SAYER, PIERRE-GUILLAUME, fur trader; b. c. 1796, son of John Sayer*, fur trader, and his country wife, Obemau-unoqua (Nancy?); d. after May 1849.
The place and date of Pierre-Guillaume Sayer’s birth are uncertain, but, as he was thought to be 53 years old in 1849 and his father traded primarily in the Fond du Lac district south and west of Lake Superior between 1793 and 1805, it may have occurred in that region about 1796. In 1805 the elder Sayer moved to Lower Canada; Pierre-Guillaume, in the way usual for children of country marriages, was left with his mother’s people and was assimilated to the Métis. He learned to speak French and became, in time, a Roman Catholic. In 1824 he settled at Grantown (St François Xavier, Man.) on the Assiniboine River [see Cuthbert Grant*; Joseph-Norbert Provencher*]. There, in 1835, he married Josette, elder daughter of fur trader Alexander Frobisher; they were to have at least one son. Confusion of first names in the Red River censuses makes it difficult to locate precise information on Sayer, but it appears that he farmed in a small way. Presumably he also went on the annual buffalo hunt with the Grantown party.
Sayer’s significance derives from his trial in the General Quarterly Court of Assiniboia on 17 May 1849. The free trade in furs, practised in the Red River valley since 1821, had greatly increased with the opportunity from 1843 to sell at Pembina (N.Dak.) to Norman Wolfred Kittson*, who was in direct competition with the Hudson’s Bay Company. Sayer was arrested for illegally trading in furs, and was brought before the court by Chief Factor John Ballenden* in a case designed to test the legality of the monopoly claimed by the HBC. Sayer’s counsel was James Sinclair*, a representative of the free traders of Red River; the two were backed by Louis Riel* Sr, who, with the Reverend George-Antoine Bellecourt*, had organized the Métis to protest against both the monopoly and the inadequate representation of the Métis on the Council of Assiniboia. Presided over by the judicial recorder, Adam Thom*, the trial was by jury and was conducted fairly. Sayer admitted to trafficking in furs, but claimed that he had been exchanging presents with relatives, an Indian manner of trading.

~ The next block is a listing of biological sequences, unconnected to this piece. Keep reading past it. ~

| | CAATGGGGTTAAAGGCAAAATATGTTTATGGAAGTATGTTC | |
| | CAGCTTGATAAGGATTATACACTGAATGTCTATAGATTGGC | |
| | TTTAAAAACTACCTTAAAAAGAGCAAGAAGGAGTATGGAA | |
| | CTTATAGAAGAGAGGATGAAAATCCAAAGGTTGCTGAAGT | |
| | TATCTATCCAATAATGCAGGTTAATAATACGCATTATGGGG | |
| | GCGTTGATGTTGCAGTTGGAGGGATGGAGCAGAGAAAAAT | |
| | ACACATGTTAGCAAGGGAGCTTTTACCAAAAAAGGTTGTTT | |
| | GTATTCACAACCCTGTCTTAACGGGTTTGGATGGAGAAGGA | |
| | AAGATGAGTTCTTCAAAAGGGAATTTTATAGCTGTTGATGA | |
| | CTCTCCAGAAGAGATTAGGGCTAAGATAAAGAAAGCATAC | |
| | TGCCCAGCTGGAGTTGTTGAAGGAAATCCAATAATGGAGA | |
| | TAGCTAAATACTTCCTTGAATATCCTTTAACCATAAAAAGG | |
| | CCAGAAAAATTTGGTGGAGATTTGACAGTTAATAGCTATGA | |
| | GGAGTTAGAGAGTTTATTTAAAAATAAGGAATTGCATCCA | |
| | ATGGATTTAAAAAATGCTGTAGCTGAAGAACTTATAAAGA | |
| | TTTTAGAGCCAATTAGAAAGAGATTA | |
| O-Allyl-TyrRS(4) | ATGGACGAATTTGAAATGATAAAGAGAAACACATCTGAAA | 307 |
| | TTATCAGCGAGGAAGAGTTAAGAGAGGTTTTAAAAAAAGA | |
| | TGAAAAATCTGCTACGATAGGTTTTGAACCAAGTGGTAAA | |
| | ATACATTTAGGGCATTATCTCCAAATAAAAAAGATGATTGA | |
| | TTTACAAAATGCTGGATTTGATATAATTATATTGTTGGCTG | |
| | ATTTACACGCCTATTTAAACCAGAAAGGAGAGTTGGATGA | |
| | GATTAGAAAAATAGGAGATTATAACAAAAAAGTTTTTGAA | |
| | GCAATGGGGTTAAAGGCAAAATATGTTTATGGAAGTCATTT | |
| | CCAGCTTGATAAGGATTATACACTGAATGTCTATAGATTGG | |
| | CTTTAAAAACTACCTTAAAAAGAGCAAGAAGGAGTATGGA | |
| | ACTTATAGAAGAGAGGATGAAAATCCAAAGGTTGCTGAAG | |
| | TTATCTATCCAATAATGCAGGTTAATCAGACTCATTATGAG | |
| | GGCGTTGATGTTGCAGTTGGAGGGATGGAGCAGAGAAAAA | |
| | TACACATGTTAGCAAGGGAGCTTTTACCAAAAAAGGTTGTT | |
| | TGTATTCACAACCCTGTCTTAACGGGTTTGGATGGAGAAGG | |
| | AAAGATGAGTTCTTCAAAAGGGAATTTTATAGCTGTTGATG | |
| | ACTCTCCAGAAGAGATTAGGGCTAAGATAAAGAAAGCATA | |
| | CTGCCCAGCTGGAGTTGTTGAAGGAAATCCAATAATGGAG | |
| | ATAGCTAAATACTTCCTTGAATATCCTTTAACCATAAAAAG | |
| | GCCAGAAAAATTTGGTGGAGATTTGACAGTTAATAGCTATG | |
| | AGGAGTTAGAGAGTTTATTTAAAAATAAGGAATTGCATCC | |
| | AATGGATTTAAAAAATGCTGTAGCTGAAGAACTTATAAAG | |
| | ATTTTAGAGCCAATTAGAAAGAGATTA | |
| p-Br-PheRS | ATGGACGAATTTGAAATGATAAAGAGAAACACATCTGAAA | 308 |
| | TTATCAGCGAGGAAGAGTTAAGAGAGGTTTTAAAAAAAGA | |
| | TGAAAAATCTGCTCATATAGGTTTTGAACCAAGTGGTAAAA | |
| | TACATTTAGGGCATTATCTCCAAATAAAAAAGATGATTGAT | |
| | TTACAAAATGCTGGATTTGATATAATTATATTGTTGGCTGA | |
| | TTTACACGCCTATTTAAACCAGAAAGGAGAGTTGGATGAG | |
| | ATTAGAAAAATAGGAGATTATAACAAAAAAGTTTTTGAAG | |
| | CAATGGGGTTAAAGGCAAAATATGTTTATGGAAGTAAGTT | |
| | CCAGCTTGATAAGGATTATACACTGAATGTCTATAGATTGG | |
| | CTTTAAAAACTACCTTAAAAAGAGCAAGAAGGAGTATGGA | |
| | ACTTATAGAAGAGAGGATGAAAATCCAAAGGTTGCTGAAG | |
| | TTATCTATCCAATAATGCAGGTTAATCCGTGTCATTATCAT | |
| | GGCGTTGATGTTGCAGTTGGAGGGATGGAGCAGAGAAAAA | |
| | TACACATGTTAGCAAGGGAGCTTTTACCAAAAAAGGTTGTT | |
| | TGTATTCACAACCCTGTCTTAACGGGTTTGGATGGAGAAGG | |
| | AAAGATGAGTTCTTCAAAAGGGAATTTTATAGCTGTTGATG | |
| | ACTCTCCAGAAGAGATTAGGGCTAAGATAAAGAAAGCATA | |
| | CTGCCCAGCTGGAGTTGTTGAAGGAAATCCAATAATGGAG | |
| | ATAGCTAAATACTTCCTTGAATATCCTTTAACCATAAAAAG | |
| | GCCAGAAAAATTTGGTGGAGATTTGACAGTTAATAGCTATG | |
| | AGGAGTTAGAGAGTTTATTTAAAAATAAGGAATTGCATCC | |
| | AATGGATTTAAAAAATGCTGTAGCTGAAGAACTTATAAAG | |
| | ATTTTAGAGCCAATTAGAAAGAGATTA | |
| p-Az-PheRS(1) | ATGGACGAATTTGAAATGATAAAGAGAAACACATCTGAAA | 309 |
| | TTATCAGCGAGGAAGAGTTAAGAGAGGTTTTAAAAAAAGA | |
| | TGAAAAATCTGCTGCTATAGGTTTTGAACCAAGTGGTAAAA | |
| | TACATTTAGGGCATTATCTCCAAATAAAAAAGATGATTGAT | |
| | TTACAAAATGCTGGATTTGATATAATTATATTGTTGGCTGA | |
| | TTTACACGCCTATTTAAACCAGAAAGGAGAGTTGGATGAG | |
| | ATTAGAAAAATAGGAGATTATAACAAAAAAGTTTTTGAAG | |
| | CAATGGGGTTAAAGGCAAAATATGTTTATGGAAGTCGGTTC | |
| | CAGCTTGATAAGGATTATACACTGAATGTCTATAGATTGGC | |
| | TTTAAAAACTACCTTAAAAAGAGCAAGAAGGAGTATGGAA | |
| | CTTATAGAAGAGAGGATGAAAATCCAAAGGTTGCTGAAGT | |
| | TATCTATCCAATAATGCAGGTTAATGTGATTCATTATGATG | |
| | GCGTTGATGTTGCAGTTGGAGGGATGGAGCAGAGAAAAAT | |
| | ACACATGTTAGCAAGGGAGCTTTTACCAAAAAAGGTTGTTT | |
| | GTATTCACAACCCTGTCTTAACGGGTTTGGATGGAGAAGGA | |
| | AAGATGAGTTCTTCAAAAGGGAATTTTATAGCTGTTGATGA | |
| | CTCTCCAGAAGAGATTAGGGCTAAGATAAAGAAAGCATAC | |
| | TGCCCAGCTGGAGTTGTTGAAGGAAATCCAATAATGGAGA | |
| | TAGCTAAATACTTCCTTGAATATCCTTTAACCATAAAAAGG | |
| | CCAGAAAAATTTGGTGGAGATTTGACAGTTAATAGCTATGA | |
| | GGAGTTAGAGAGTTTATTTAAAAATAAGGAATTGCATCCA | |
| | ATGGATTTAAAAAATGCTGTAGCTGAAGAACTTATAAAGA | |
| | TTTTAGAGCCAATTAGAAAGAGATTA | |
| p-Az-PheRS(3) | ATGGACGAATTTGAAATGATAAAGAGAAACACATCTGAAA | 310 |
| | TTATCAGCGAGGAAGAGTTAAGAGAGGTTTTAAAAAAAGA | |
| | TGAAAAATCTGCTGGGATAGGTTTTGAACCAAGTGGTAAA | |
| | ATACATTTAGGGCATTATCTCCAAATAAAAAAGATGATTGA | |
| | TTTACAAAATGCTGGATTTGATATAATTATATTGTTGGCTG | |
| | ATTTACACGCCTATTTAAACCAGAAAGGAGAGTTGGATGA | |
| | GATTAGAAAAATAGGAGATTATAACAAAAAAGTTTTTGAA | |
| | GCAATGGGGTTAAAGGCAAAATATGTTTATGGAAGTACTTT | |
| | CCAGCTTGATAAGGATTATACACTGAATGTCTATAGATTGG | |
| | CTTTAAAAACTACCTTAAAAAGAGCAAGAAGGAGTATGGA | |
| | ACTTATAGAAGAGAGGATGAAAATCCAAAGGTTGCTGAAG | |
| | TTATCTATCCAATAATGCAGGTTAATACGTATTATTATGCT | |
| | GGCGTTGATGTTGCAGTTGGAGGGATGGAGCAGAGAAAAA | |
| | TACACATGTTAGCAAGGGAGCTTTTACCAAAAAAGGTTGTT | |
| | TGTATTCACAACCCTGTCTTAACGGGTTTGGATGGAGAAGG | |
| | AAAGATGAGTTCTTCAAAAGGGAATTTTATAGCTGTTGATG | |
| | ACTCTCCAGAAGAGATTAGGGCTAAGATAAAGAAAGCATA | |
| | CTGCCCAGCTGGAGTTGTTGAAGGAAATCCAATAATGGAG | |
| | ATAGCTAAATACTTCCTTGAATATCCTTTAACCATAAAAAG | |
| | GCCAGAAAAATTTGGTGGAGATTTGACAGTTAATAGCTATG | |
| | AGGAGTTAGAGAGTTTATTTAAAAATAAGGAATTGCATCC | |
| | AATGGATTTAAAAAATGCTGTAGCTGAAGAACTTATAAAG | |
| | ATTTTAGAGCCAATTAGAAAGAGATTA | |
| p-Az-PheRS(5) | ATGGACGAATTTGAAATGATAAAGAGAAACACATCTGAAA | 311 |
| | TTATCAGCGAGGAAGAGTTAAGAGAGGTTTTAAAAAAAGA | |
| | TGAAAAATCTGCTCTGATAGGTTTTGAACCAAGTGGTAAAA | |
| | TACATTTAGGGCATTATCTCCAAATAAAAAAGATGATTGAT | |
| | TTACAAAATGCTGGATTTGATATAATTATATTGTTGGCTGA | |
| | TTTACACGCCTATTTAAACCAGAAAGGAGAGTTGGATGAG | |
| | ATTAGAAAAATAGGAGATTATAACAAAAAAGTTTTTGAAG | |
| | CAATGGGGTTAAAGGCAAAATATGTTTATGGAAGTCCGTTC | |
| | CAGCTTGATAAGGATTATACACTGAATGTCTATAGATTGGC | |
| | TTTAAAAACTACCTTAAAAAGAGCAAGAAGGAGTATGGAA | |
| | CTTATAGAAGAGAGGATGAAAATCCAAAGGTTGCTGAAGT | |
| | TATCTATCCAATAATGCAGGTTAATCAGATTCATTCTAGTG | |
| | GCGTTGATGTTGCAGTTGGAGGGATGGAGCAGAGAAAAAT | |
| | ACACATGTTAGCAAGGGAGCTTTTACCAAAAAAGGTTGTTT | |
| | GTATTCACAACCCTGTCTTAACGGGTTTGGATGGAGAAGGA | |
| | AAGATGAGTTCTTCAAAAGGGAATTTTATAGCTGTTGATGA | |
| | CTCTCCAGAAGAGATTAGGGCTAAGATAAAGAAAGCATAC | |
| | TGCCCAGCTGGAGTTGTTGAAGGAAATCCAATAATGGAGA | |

The jury returned a verdict of guilty but recommended mercy on the ground that Sayer had genuinely believed that the Métis were permitted to trade freely. Ballenden accepted the recommendation and Sayer was freed. Riel promptly asserted that the verdict was tantamount to a surrender of the HBC monopoly. This view was at once taken up by the Métis assembled outside the court-house, who cried “Le commerce est libre!” So it was to be: the HBC abandoned its efforts to maintain a monopoly and began aggressive competition with the free traders. Sayer’s trial was thus a landmark in the history of the Canadian west.
The date and place of his death are unknown.
Canadian north-west (Oliver), 1: 352. Docs. relating to NWC (Wallace). HBRS, 19 (Rich and Johnson). Alexander Ross, The Red River settlement: its rise, progress and present state; with some account of the native races and its general history, to the present day (London, 1856; repr. Edmonton, 1972), 371–79. Morice, Dict. hist. des Canadiens et des Métis. Gerald Friesen, The Canadian Prairies: a history (Toronto, 1984). Marcel Giraud, The Métis in the Canadian west, trans. George Woodcock (2v. , Edmonton, 1986). Morton, Hist. of Canadian west (1939). G. F. G. Stanley, Louis Riel (Toronto and Montreal, 1963).